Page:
How Do You Stop TPKs/Killer GM Habits?

niklinna

učim hrvatski
I think it's because "by the book" the encounter should be balanced and winnable - at least based on the guidelines of the system. Or you figure that if the party is outmatched, that they will be able to regroup or change tactics. And sometimes you do want tougher encounters, but it's hard when as a DM you describe a single skeleton and it sounds terrible and frightening, but the 3rd level ogre doesn't sound as terrible. And how do you convey that to the players? Do you tell them - "hey, this ogre is a potentially deadly encounter" and "this skeleton is a trivial fight."
Oh I don't know about that. I briefly joined a Pathfinder 2 group that was doing Age of Ashes. It was brutal! We were on the edge of a TPK with nearly every combat.

Now, two of the other players were playing casters, and they relied on just a couple of their spells, over and over. They didn't even know all their spells by name, much less what the spells actually did! The melee players were a little more on the ball, but even they weren't always doing the PF2-optimal thing. (PF2 really is a different beastie than 5e.)

Even so, I did follow Pathfinder 2 forums during that time, and that adventure path had a...reputation. So I would not just trust that any published adventure path is balanced and winnable. The adventure could be really tough, or the players could be, shall we say, sub-par.

Edit: Fixed a typo.
 
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Mannahnin

Scion of Murgen (He/Him)
Not necessarily. I wouldn't say that every round is spent doing the most optimized thing. And maybe the characters aren't mix-maxed to perfection. But I think it should be "doable" with their level of skill and character abilities.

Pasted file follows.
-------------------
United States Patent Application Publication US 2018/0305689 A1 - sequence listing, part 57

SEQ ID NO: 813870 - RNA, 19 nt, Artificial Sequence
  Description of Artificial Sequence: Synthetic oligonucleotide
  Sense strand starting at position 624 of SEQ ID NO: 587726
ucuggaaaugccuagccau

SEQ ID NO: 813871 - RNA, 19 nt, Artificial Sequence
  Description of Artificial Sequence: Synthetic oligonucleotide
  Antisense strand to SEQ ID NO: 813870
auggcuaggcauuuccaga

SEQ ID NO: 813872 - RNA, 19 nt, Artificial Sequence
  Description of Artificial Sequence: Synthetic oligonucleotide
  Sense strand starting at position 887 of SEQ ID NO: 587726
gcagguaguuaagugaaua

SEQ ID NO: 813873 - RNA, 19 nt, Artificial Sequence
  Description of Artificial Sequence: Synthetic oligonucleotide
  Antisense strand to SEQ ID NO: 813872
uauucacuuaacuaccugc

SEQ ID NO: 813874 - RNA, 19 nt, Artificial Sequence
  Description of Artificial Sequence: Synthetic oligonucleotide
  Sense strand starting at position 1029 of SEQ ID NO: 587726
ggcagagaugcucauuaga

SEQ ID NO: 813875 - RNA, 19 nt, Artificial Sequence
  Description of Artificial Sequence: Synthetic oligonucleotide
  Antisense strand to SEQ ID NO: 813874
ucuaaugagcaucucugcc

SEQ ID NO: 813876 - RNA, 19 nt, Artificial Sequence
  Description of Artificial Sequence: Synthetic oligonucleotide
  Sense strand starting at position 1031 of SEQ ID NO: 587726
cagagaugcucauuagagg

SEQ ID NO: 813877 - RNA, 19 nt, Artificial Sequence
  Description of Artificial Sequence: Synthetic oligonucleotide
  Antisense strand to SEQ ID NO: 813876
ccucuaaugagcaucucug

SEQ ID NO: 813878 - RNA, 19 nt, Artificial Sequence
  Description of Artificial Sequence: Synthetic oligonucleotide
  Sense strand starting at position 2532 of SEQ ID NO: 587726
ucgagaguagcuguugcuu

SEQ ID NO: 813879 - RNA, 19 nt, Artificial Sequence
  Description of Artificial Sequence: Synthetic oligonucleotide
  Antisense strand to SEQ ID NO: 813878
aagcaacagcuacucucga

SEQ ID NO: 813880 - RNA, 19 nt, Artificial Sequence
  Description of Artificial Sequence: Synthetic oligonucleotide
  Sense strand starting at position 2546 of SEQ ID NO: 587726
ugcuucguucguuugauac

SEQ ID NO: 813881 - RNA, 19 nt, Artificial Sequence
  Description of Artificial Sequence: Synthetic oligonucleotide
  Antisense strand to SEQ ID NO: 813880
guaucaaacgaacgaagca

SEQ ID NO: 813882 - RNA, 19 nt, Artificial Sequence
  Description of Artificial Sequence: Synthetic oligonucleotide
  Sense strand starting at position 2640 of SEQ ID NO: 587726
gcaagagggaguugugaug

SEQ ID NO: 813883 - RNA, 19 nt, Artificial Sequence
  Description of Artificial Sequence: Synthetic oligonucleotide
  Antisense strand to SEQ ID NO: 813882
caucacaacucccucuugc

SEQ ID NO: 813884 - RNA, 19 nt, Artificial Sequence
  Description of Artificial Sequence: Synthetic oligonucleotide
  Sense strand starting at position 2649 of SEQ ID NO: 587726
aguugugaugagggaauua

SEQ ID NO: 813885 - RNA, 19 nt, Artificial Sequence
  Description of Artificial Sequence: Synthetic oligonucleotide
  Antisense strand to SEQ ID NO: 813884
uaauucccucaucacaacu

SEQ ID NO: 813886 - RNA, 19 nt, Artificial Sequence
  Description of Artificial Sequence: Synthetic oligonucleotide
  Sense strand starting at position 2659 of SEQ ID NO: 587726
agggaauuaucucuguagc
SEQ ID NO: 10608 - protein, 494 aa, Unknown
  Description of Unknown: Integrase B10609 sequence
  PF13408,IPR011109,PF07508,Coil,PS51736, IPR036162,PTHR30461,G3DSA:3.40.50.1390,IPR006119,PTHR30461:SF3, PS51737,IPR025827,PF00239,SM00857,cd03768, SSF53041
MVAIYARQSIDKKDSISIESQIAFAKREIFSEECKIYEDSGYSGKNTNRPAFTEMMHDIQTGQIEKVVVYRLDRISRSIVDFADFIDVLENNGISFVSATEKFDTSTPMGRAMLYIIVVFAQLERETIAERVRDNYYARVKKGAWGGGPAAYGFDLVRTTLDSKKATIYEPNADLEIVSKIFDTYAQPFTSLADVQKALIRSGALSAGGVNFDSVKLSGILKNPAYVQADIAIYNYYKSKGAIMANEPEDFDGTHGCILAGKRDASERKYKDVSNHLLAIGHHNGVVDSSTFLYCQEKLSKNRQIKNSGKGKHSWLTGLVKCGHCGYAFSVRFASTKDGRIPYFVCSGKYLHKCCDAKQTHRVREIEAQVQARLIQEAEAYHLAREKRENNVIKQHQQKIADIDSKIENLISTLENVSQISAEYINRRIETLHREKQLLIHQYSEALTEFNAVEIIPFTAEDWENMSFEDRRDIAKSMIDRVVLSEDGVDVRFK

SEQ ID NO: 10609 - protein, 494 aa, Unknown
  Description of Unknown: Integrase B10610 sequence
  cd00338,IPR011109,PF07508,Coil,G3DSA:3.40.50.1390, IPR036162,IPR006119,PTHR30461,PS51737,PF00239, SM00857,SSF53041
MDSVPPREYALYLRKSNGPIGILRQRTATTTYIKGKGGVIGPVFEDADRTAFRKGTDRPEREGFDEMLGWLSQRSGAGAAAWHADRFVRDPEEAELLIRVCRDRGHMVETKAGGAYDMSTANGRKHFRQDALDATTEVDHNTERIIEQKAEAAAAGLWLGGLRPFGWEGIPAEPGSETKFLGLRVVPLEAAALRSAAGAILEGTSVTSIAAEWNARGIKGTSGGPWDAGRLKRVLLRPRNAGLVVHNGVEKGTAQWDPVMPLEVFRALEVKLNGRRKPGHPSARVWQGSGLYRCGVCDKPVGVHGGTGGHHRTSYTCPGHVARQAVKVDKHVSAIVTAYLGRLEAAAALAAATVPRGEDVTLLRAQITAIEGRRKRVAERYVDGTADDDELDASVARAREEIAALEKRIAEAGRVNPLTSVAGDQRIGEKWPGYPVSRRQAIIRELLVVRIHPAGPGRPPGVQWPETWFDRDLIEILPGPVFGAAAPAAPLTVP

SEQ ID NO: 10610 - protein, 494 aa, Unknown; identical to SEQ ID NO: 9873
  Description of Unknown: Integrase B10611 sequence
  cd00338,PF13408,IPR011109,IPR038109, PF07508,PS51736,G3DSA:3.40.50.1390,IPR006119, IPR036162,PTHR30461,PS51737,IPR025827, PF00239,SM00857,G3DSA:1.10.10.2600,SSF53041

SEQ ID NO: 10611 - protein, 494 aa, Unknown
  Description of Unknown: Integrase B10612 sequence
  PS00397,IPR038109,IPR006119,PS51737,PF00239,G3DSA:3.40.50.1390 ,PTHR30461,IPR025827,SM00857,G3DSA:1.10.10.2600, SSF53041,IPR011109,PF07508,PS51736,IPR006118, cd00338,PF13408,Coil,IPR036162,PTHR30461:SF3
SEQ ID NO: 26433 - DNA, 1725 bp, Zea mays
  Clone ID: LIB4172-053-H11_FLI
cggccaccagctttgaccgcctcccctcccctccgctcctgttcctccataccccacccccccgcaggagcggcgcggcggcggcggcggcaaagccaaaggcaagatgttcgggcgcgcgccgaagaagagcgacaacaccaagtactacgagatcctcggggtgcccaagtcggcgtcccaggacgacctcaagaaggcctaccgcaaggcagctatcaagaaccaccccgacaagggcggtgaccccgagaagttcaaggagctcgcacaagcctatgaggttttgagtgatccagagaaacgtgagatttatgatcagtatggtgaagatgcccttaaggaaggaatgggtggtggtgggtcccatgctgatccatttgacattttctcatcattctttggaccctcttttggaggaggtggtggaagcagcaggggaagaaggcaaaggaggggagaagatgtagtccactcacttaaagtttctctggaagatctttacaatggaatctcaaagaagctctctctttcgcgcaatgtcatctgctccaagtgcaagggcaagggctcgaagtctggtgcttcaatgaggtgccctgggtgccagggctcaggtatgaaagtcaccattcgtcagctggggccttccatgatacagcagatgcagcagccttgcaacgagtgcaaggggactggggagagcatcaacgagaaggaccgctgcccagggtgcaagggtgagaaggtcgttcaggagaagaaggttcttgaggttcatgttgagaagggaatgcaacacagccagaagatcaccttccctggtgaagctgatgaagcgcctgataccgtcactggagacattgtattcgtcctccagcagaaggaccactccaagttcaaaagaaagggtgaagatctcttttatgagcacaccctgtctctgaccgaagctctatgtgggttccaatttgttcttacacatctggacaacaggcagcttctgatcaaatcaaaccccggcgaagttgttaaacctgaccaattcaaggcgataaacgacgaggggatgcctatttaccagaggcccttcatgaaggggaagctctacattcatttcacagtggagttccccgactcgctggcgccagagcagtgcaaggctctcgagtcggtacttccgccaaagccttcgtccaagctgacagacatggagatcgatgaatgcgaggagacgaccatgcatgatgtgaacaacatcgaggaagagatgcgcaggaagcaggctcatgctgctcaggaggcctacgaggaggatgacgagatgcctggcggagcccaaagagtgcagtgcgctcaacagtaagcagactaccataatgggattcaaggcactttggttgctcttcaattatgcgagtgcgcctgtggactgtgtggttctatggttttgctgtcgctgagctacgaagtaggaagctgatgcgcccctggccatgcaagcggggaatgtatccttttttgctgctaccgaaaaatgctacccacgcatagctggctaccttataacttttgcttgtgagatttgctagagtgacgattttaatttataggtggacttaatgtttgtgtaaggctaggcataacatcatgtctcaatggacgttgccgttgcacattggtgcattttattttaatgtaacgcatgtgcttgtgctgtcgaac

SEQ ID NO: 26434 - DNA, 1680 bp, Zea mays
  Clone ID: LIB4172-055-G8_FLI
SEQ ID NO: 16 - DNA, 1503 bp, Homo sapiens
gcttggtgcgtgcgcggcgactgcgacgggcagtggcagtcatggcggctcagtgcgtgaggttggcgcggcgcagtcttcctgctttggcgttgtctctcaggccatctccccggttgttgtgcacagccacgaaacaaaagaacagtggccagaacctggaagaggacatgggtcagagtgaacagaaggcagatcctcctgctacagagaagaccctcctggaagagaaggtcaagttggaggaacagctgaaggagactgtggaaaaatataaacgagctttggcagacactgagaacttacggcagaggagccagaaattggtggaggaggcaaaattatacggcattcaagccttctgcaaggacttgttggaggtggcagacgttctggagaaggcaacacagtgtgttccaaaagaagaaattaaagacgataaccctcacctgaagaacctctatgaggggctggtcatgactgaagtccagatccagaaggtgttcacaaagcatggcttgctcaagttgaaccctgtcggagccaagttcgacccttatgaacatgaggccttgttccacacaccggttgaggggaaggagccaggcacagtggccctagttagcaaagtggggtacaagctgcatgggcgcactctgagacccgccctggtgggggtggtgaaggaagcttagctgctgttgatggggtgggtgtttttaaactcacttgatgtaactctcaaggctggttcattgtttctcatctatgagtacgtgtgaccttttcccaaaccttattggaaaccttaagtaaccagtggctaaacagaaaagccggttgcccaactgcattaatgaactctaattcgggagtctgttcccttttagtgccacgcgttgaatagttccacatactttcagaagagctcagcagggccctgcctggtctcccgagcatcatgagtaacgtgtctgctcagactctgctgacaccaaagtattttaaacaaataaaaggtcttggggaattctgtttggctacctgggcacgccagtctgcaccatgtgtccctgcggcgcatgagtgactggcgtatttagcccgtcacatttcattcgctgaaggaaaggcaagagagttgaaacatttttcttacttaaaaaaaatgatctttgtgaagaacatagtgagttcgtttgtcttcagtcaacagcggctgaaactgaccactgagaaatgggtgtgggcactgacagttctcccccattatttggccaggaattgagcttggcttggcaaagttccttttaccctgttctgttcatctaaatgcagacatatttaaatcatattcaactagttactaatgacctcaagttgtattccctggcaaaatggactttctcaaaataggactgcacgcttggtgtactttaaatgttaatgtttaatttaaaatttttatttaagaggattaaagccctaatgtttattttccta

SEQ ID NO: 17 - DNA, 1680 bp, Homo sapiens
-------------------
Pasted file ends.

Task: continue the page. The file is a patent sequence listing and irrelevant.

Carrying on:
And also, this is something I've noticed in games and player groups across the board. So it's something I'm doing wrong more than any blame I'm putting on them. I just can't figure it out.
Hmm, yeah. I don't know.

Probably my first instinct would be to start downgrading the monsters a bit from the published stats. Have them do a bit less damage, and reduce HP some.

Or reduce the number of opponents slightly and then, where appropriate, have the missing monsters show up mid-fight as reinforcements. This would put the action economy more in the PC's favor while adding a bit of a dynamic change to the situation mid-fight.
 

payn

He'll flip ya...Flip ya for real...
Oh I don't know about that. I briefly joined a Pathfinder 2 group that was doing Age of Ashes. It was brutal! We were on the edge of a TPK with nearly every combat.

Now, two of the other players were playing casters, and they relied on just a couple of their spells, over and over. They didn't even know all their spells by name, much less what the spells actually did! The melee players were a little more on the ball, but even they weren't always doing the PF2-optimal thing. (PF2 really is a different beastie than 5e.)(

Even so, I did follow Pathfinder 2 forums during that time, and that adventure path had a...reputation. So I would not just trust that any published adventure path is balanced and winnable. The adventure could be really tough, or the players could be, shall we say, sub-par.